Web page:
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New Study: Zero-Click Searches Are Actually Not That Common

In our last blog post, we mentioned how featured snippets were contributing to the drastic rise of so-called “zero-click searches,” where someone would enter a search query and then not click on any of the results. This can happen more when the information they’re looking for is presented at the top of the search engine results page (SERP) in the featured snippet.

We noted how zero-click searches had accounted for over 50 percent of all search queries as early as 2019 and that the trend had not slowed down.

It sure seemed like that was the case, as a study from over a year ago put the number at 65 percent.

Just a few days ago, though, Semrush revisited the zero-click phenomenon. According to their numbers, zero-click searches actually only happened around 25 percent of the time.

We dug into the discrepancy and found, to our complete lack of surprise, that it centers on the nuance that lies within a “zero-click search.”

Old Studies: Lots of Searches Don’t Lead to a Click on Another Web Property

In 2019 and 2021, Rand Fishkin, a leading search engine optimization (SEO) pro, combed through reams of data to see what people did after conducting a search query through Google.

In 2019, he found that a little over 50 percent of queries did not lead to a click.

In 2021, he found that the percentage had increased to 64.82 percent.

While other SEO pros thought that the numbers were a bit high, the data nevertheless seemed to confirm industry suspicions that Google’s attempts to provide information in the SERP was draining web traffic from the sites that actually provided that information.

However, as lawyers everywhere know, the devil is in the details.

According to Fishkin, a “zero-click search” was one that did not lead to a click to another web property. A search that led to a click was one where the user went from the SERP to another domain, whether that domain was linked in the organic or paid listings or another SERP feature like the local box, a featured snippet, or the knowledge graph.

Zero-click searches, therefore, included instances where the user was confronted with the SERP and:

  • Closed the browser after either giving up their search for information or finding what they wanted from the SERP
  • Refined their search query and conducted another
  • Switched from a general web search to an image search
  • Clicked on a domain in the results that was owned or operated by Google

Unfortunately, and in spite of repeated urging from other SEO leaders, Fishkin did not break down his zero-click data to show the percentages of these outcomes. This led to valid criticisms that his reported percentage of zero-click searches was too high because it included queries where there never was an intent to click on a site, like people searching for the weather forecast or the score of a baseball game, which they know will be displayed prominently on the SERP.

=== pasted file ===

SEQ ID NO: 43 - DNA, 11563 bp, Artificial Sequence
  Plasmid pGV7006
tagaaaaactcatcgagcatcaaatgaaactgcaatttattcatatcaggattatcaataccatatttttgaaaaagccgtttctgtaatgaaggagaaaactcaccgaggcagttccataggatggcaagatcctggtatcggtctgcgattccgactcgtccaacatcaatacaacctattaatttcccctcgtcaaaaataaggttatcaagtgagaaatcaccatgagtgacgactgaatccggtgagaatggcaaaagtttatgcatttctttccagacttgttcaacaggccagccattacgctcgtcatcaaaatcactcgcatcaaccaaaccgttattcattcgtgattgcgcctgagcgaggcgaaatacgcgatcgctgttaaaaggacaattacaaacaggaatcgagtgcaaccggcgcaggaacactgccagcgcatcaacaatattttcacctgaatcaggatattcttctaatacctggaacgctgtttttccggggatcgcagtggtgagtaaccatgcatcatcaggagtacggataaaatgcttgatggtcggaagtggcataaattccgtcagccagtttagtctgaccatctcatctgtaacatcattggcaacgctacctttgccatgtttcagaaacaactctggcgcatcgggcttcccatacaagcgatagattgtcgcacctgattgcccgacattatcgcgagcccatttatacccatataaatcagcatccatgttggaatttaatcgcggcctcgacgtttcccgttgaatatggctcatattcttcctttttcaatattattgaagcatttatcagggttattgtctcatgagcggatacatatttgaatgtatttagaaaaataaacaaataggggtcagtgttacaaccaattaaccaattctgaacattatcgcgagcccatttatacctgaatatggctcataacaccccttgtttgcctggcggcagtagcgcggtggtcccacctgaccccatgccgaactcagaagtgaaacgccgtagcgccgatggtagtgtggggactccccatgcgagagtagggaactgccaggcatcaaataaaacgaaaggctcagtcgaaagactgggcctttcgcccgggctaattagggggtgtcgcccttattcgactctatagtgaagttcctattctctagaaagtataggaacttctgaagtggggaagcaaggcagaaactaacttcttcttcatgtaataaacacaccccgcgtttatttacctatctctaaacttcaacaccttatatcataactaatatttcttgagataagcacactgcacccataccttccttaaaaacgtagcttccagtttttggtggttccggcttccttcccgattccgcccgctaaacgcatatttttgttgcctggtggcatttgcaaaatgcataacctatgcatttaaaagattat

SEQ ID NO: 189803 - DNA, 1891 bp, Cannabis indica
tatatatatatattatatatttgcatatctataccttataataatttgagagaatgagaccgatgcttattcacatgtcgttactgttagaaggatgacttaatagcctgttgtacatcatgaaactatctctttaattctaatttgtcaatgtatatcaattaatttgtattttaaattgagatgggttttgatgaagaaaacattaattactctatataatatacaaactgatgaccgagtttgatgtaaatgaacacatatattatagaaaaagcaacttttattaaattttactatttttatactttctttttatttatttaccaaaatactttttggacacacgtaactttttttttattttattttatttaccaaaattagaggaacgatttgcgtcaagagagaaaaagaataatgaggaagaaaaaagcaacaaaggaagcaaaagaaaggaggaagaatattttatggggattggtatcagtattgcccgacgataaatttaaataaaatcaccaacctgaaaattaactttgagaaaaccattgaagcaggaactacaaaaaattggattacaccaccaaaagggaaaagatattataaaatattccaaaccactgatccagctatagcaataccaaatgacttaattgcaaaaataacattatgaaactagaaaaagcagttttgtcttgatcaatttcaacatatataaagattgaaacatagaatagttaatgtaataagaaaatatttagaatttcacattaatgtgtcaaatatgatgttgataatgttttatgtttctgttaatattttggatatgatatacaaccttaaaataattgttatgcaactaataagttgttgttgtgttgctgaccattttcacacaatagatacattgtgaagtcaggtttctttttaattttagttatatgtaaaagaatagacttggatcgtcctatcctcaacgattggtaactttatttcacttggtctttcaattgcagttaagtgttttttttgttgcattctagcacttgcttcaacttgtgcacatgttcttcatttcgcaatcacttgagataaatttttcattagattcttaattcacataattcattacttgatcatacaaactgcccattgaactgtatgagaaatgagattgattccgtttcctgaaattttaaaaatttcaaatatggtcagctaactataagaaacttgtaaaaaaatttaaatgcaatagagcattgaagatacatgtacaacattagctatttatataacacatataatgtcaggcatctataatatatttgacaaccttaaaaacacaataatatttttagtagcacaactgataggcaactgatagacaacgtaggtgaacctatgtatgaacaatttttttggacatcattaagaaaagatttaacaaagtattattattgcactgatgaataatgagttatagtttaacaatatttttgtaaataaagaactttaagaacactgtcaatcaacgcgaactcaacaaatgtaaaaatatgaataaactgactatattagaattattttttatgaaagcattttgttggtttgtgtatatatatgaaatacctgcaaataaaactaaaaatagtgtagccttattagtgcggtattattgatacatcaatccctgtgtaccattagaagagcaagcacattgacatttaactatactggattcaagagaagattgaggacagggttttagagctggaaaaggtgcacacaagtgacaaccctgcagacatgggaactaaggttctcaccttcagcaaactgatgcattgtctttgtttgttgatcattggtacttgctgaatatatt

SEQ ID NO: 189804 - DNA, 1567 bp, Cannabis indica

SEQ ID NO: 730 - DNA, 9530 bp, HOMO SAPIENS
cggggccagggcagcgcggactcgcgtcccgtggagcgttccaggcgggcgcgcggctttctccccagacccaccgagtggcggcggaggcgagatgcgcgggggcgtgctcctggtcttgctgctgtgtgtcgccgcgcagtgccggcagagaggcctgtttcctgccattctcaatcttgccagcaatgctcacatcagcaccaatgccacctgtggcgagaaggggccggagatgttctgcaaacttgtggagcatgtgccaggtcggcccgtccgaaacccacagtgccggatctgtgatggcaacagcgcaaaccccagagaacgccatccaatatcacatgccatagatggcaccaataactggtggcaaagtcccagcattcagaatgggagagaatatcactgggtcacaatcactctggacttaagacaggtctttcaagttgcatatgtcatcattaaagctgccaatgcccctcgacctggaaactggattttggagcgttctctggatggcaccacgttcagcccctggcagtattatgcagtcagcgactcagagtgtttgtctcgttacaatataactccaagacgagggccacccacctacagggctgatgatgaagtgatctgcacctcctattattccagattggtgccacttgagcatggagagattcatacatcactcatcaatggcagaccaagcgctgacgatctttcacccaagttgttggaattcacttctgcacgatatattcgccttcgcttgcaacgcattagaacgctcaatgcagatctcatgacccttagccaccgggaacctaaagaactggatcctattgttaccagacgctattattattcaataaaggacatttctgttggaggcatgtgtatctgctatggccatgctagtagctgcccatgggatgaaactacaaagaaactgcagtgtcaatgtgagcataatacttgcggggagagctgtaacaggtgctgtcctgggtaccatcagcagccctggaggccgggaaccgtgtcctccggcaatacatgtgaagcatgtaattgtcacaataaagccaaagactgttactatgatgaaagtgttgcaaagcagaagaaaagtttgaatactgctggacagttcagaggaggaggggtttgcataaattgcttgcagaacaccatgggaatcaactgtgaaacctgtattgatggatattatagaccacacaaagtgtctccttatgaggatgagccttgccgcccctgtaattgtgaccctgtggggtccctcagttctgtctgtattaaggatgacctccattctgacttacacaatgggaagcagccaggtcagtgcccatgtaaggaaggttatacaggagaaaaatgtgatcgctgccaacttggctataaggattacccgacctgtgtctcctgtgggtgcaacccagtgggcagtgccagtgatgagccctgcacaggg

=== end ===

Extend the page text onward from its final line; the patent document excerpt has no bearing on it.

Now Study Breaks Down the Zero-Click Numbers

A new study by SemRush released on October 25 included that extra data. While Fishkin categorized outcomes as either organic clicks, paid clicks, or “non-clicks,” SemRush used five categories:

  1. Organic clicks
  2. Paid clicks
  3. “Google” clicks, or clicks that left the SERP but stayed on Google without changing the query
  4. Google keyword changes, where the user refined the query to conduct another one that is more likely to get the information they want
  5. All other outcomes, which supposedly would only include “true” zero-clicks

The results:

The good news is that this is not entirely out of line with Fishkin’s data: Organic and paid clicks are right about where Fishkin said they would be. This creates an aura of reliability.

The better news is that we can now see deeper into the zero-click world. Half of the queries that we had thought were ending at the SERP are actually getting refined or are just moving around within Google’s many domains.

Google user not clicking on the results page

What Does This Mean for Your Law Firm?

In the past, we have stated that law firms marketing themselves online should not pull their hair out about zero-click searches and the web traffic they could be taking from your firm’s site. A lot of the zero-click queries are going to be looking for information that is easy to display on the SERP and for which there is one true answer. Legal information, on the other hand, is nothing if not nuanced.

However, there are numerous, fairly simple and straightforward legal queries that can be answered succinctly on the SERP. Think “difference between a misdemeanor and a felony” and “legal BAC limit.”

Search queries like these, however, can still be targeted with carefully constructed webpages that target the featured snippet. If successful, your firm would be providing the answer that satisfies the user.

An even better outcome, though, would be to target the snippet with a passage that both provides the information and introduces some nuance that pushes the reader into clicking through to your site to learn more.

As an example, for the query “legal BAC limit,” a good outcome would be for your firm to have the webpage chosen for the featured snippet that tells readers that it is 0.08 percent. The better outcome, though, would be for your featured snippet passage to tell readers that it is 0.08 percent, but also that there are exceptions for holders of commercial drivers’ licenses (CDLs) and minors under 21, that you can get a DUI for a “low blow” in some states, and that it’s 0.05 percent in Utah.